"Rock N Roll" (Lost Highway) - 2003

Editor’s Note: Welcome to a new music feature, where we look at albums from the past and re-evaluate them. Enjoy.

If it weren’t so terrible, I’m not sure “Rock N Roll” would be such a great album. Which would be a strange thing to say if we were talking about anyone other than Ryan Adams.

That’s because the neat trick of his career has always been doing everything at once. His first solo album “Heartbreaker” juxtaposed tears-and-beers country with pop rock, oscillating between the shambling joviality of “To Be Young” and the apocalyptic depression of “Come Pick Me Up.” His slipshod albums display brilliance in one song and careless laziness in the next.

Then there were the substance abuse problems. Adams says he’s been clean and sober since before entering the studio to make June’s “Easy Tiger” and the just-released “Follow the Lights” EP. But, for most of the oughts, drugs and alcohol meant that his shows would be either the best or the worst concert you’d seen in a long while.

All this has made Adams one of the most frustrating musicians around. Between 2003 and 2005 he recorded five purportedly-mediocre albums–and countless other unreleased tracks still confined to his vaults, which supposedly also contain a song-for-song cover of the Strokes’ “Is This It?”–that produced a lot of critical whining. And exhibit number one has traditionally been “Rock N Roll.”

Which is funny to me, because it still seems like part of the point of “Rock N Roll” was that it wasn’t meant to be great. It’s Adams’ heartbroken love note to a genre that his country-rock roots have kept him from completely embracing. The album’s devastatingly open about why he and the genre just can’t work it out: Adams cruelly points out its flaws, viciously satirizing a ton of rock music.

Just look at the track list. “This Is It,” “Wish You Were Here,” “She’s Lost Total Control”: if those song titles don’t sound strangely familiar, then you don’t listen to rock music. Parody’s the point.

And Adams does it ridiculously well, getting nearly everyone right. There’s the Edge-like guitar of “So Alive”; Adams underscores the joke by imitating Bono’s legato quaver. The “Wish You Were Here” intro harkens back to “Jessie’s Girl,” and “Burning Photographs” references the work of another famous Springsteen. Thin Lizzy quotes abound, and so do hooks. Plus the album’s mixed and mastered nearly as well as vintage AC/DC; it sounds loud at nearly every volume level.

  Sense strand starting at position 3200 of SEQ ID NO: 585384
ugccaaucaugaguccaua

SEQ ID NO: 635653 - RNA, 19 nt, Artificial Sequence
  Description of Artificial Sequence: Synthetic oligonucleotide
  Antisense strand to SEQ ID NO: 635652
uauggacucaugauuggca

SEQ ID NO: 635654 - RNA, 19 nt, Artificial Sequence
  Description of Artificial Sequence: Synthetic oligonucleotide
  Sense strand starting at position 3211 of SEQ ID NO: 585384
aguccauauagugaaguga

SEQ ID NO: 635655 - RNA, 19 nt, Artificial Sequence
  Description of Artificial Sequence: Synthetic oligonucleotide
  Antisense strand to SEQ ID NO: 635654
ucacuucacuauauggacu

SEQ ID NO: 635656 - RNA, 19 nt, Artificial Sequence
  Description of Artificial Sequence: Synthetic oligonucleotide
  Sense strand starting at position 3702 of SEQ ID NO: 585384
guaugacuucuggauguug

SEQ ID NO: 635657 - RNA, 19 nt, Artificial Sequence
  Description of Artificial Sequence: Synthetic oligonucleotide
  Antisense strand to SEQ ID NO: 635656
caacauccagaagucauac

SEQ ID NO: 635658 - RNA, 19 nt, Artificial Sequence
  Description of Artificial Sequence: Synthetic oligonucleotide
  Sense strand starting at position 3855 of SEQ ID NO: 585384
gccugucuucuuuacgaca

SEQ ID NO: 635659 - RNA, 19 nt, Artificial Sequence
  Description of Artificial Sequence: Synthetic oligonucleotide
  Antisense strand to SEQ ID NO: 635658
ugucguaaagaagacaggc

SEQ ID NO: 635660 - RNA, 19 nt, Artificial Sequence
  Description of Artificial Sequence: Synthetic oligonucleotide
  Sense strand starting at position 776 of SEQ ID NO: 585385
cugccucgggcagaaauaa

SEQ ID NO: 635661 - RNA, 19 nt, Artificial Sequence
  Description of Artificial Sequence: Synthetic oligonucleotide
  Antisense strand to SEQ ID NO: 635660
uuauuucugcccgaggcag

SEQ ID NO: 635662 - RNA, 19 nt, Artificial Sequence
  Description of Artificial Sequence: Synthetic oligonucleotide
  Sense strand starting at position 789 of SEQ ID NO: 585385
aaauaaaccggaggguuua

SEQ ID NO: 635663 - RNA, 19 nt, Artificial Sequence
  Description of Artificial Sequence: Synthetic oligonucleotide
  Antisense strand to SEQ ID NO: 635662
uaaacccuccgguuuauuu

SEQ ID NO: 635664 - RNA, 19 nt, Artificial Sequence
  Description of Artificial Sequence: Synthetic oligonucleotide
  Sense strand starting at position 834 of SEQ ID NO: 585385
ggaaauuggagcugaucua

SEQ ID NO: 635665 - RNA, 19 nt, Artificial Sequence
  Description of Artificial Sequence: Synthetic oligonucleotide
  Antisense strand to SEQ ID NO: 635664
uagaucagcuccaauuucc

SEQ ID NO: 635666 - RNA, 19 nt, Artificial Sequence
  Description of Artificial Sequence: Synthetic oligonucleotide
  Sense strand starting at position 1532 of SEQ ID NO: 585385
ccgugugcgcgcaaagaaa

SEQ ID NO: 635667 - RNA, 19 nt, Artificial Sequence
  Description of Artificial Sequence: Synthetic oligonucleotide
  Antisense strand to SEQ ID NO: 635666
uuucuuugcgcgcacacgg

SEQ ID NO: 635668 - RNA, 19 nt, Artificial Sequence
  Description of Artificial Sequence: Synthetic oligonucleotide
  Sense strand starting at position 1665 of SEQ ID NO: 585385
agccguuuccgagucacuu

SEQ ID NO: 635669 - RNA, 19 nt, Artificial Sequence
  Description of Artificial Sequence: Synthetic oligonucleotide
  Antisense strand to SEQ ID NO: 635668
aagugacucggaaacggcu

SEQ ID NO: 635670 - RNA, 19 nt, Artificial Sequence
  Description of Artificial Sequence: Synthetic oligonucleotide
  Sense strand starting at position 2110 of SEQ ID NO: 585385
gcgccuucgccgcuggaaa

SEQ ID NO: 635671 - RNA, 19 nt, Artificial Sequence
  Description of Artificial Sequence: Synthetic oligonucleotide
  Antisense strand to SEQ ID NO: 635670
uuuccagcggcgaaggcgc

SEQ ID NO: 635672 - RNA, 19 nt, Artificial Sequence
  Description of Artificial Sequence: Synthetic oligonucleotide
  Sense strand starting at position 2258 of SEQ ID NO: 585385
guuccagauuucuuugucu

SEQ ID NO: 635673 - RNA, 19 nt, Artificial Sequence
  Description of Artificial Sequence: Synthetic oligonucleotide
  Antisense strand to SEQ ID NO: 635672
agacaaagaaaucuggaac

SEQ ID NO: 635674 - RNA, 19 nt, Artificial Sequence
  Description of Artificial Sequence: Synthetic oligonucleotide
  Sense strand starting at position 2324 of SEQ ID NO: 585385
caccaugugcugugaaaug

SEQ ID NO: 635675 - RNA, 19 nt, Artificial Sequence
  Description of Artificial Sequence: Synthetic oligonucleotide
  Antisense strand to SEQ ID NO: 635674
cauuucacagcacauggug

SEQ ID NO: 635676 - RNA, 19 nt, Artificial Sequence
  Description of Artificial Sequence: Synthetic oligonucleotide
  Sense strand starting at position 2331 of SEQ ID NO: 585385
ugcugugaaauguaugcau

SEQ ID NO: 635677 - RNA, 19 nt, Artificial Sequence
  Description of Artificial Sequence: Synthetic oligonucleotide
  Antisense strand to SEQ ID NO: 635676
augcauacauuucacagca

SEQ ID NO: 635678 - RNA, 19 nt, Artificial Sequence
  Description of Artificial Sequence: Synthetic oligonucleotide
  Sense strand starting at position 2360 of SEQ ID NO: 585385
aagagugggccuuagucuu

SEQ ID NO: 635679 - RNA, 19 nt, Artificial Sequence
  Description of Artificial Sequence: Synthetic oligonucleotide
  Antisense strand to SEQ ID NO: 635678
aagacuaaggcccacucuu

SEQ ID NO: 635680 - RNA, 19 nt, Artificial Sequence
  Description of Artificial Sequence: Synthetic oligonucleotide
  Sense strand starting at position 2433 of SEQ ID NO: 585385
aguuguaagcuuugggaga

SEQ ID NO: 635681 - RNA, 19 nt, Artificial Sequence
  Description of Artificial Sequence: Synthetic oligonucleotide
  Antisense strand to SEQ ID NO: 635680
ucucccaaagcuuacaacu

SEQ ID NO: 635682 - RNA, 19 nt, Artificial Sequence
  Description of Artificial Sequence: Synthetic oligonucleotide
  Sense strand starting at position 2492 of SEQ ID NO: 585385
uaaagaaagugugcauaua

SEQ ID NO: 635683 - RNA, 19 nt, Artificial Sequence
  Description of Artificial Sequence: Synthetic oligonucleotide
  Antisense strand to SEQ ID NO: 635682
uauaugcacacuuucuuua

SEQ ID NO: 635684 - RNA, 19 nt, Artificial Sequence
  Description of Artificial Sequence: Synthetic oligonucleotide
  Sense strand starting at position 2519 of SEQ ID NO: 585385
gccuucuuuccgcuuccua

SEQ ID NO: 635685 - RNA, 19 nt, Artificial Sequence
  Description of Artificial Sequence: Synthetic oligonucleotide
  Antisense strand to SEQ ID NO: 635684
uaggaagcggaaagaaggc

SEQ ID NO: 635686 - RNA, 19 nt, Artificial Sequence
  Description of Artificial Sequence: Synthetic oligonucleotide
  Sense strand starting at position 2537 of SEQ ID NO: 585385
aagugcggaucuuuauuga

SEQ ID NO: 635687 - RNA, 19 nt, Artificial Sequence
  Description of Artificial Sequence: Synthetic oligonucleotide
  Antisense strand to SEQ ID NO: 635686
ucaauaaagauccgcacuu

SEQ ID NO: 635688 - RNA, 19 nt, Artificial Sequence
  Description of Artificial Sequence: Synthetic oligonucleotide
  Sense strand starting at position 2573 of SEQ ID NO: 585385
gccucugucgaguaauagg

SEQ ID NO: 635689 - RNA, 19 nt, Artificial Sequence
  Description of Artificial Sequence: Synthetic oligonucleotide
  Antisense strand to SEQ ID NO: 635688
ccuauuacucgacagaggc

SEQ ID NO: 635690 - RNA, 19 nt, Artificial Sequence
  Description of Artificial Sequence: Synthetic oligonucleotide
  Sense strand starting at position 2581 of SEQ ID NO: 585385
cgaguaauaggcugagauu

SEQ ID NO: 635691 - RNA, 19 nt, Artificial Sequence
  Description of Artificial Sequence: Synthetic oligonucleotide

Sure, a lot of “Rock N Roll” is shitty, but the same goes for the genre. Adams’ habit of simultaneously embracing volatile extremes leads him to write an incisive lyric in one verse and a terrible one the next. “Wish You Were Here” starts with the wonderfully evocative line “Cotton candy and a rotten mouth,” then devolves into boring rain imagery and whining: “It’s totally fucked up / I’m totally fucked up.” On the solid “Burning Photographs,” Adams finds another winner: “I used to be sad / Now I’m just bored with you.” But then there’s “Boys,” and Adams admits: “I’m as lonely as monkeys taught to destroy / Anything they learn to enjoy.” Yikes.

The mistakes and the emotional rawness make “Rock N Roll” a hard album to listen through in a single sitting. There’s a lot of self-indulgent relationship lamentation going on. But c’mon: Ryan was in a lot of pain. Who are we to judge? We’ve never dated Parker Posey.

People complain that Adams doesn’t focus himself, that if he would just take a break from being prolific he could actually harness his talents to make a great record. Which is a fallacy people have about A.D.D. musicians in general. Creating consistently good albums is just not something that post-1987 Prince, Robert Pollard, or Lil’ Wayne does. These artists are incapable of editing themselves, of any kind of self-restraint; it’s just a condition of their artistic temperament, and it’s something we, as listeners, have to accept.

“Rock N Roll” ultimately benefits from that quick-sketch approach and ends up being above par for Adams’ discography. It’s an incredible synthesis of nearly everything rock has produced (both good and bad) in the last 30 years. Adams tries so hard to be mediocre that “Rock N Roll” ends up amazing. Thank God it’s awful.

—Reviewer Jake G. Cohen can be reached at